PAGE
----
But one wonders if this assumption is made in order to claim some historical basis in a gospel containing so many other names and events with distinctly symbolic flavours. The most unusual way identifying a person by his sons instead of by his parent should have been a warning that there was something else going on here. A consideration of MacDonald's observations of the links (not only in Mark but also in Luke, John and Acts) between James and John as the sons of Thunder and Castor and Pollux as the sons of the Thunderer (Zeus) should also give even more cause to pause before assuming too quickly.
But a glance at the literary structure of the gospel suggests that the naming of these brothers with their father serves some literary cum theological function, first and last, for the author. (Of course one can always say that the author has used real historical people for symbolic, literary or theological purposes, but in the absence of evidence that the author saw his characters in any way apart from being created to fulfil a literary role, then it is only the literary characters that one can legitimately discuss and all that is relevant here.)
One of the striking literary features of Marks' gospel is how his beginning and ending contain so many motifs that appear to mirror-reverse each other, and the same applies to the curious ways he names 2 pairs of brothers in connection with their parents.
Some examples of the mirror reversals at the beginning and ending of the gospel:
So Mark is the master of reversals. Jesus entry into the glory of his kingdom is his dying on the cross. Where James and John requested to be at his right and left in his glory the reality was fulfilled by two thieves crucified on his right and left. The first and great ones are those who become slaves and servants. Peter is Satan. Jesus' mother and brethren are replaced by others who are his real mother and brethren.
- The opening declaration that Jesus is the son of God (by God -- or in the opening verse?); the closing scoffing declaration that he was 'the son of God' (by the centurion)
- Baptism at the beginning; a death ordeal that is described as another baptism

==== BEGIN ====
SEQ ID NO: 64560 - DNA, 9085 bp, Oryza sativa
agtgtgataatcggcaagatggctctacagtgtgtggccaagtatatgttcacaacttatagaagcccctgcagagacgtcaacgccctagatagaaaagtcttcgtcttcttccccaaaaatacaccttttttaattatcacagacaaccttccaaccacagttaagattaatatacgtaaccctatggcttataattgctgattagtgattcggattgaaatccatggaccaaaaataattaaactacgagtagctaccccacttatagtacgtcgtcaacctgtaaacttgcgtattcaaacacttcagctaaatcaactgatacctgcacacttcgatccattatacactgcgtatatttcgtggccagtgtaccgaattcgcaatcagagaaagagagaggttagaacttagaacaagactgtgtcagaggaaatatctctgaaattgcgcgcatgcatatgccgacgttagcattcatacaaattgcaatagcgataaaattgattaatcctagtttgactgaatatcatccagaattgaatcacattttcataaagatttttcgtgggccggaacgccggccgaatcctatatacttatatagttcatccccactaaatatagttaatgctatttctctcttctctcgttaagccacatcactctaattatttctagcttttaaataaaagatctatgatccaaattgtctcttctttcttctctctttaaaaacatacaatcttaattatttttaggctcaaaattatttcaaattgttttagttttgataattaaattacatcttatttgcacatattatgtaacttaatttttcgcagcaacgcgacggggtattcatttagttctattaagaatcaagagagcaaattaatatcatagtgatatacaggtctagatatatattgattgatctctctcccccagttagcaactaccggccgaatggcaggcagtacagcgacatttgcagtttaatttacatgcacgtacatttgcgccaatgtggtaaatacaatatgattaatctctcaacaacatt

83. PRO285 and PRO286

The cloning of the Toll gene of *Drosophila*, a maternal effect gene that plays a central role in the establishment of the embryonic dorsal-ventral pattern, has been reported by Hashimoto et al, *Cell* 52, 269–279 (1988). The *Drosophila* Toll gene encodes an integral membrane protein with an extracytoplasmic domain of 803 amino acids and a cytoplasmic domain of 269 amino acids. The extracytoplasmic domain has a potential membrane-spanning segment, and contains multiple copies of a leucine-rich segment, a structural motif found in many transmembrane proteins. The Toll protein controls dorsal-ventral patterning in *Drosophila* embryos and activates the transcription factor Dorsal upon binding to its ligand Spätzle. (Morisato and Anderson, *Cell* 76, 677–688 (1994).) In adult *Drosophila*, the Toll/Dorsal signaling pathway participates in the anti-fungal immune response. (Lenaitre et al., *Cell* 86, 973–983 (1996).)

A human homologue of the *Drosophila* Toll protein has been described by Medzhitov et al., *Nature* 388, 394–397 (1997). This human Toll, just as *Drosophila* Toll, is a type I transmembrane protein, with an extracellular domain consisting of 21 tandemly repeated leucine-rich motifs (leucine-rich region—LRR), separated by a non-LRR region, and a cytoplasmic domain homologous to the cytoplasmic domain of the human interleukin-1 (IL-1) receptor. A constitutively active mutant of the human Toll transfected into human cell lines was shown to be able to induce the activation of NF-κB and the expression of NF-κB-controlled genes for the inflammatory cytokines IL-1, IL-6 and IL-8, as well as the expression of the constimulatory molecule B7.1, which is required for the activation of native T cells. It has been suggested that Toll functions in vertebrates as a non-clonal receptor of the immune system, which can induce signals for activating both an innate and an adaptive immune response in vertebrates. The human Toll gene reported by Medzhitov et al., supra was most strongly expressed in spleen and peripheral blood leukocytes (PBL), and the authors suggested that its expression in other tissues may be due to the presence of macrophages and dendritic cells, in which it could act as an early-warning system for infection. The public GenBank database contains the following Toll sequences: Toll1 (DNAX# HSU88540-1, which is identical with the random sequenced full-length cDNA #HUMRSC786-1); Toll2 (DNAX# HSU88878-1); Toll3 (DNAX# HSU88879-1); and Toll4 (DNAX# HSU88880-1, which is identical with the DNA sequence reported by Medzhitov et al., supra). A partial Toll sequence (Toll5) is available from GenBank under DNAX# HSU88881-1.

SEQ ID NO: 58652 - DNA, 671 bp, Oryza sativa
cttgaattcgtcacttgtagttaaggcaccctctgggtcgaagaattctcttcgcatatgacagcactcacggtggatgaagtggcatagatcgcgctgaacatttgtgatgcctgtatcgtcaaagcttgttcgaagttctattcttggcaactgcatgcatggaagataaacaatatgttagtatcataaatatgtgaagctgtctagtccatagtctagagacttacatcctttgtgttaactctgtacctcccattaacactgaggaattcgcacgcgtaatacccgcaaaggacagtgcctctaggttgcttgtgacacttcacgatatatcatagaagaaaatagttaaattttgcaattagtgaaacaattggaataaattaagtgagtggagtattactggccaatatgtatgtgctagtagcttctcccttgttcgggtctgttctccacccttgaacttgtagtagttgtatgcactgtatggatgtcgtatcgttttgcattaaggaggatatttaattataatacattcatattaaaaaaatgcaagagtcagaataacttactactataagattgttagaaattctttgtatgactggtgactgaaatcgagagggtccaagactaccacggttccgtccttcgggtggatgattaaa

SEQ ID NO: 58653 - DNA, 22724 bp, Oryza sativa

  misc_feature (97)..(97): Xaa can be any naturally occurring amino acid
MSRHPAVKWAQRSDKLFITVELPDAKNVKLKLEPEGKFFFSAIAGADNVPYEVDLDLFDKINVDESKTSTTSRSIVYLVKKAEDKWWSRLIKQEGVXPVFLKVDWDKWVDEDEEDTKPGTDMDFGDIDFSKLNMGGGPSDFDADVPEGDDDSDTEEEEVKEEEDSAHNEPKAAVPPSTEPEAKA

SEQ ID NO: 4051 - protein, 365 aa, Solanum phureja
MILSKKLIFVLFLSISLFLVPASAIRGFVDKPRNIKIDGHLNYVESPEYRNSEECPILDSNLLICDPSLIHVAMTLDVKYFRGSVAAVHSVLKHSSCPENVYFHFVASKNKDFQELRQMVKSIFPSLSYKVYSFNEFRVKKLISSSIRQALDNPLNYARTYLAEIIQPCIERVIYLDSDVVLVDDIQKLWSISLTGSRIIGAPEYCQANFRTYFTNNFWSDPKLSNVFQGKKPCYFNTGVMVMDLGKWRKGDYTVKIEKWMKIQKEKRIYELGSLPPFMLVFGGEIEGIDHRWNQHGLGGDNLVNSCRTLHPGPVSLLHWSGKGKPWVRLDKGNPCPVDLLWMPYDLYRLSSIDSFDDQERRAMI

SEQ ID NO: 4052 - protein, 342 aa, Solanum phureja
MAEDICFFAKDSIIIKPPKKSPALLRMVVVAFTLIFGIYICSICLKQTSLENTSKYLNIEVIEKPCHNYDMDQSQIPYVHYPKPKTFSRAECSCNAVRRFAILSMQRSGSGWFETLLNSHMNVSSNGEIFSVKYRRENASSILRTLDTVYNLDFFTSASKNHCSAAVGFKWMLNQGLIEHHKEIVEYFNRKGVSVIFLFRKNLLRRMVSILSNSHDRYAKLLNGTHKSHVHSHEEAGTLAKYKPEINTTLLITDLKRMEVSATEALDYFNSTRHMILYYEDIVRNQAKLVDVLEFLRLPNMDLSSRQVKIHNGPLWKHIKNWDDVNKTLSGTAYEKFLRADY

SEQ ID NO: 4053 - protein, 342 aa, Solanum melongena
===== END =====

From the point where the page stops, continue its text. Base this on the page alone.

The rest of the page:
- Heavens part; the temple veil (which bore the image of the heavens) parts from the top
- Disciples immediately follow; disciples immediately flee
- Cleansing of a synagogue; cleansing of the temple
- A withered hand is healed in a synagogue; a fig tree is withered outside the temple
- In house of Simon with all disciples who are faithful, heals, and all are served by a woman; In house of Simon the leper with all disciples who criticize and plot against him, no healing, and one is served by woman
- Unclean spirit leaves a body in torment, with a loud cry; spirit of Jesus exits at his death with loud cry
- At evening, many come to door of house to see Jesus; At evening, few come to door of tomb to see where Jesus is laid
- In morning people come looking for Jesus but cannot find him; at morning, women come looking for Jesus but cannot find him
- Jesus leaves to go throughout all Galilee; Jesus is said to have gone on to Galilee
- Jesus orders silence but the cleansed leper disobeys and tells many; Women are ordered to tell disciples but they disobey and remain silent.
So it will not surprise us if we find a similar turning inside-out of some of the disciples and family relationships when comparing those at the beginning with those at the end of the gospel narrative:
The first disciples described in relation to a parent are given pride of place throughout the gospel, while their father is left behind as a name only: James and John, the sons of Zebedee.
- At the end a parent is given pride of place (going albeit under compulsion with Jesus to his death) while his 2 sons are mentioned as names only: Simon, father of Alexander and Rufus. (Note that Homer had Eumaeus, the possible source of Mark's Simon here, addressed as an honorary father, so it is not beyond possibility that Mark for this reason was prompted to allocate the literary balance in Simon as the honoured father here.)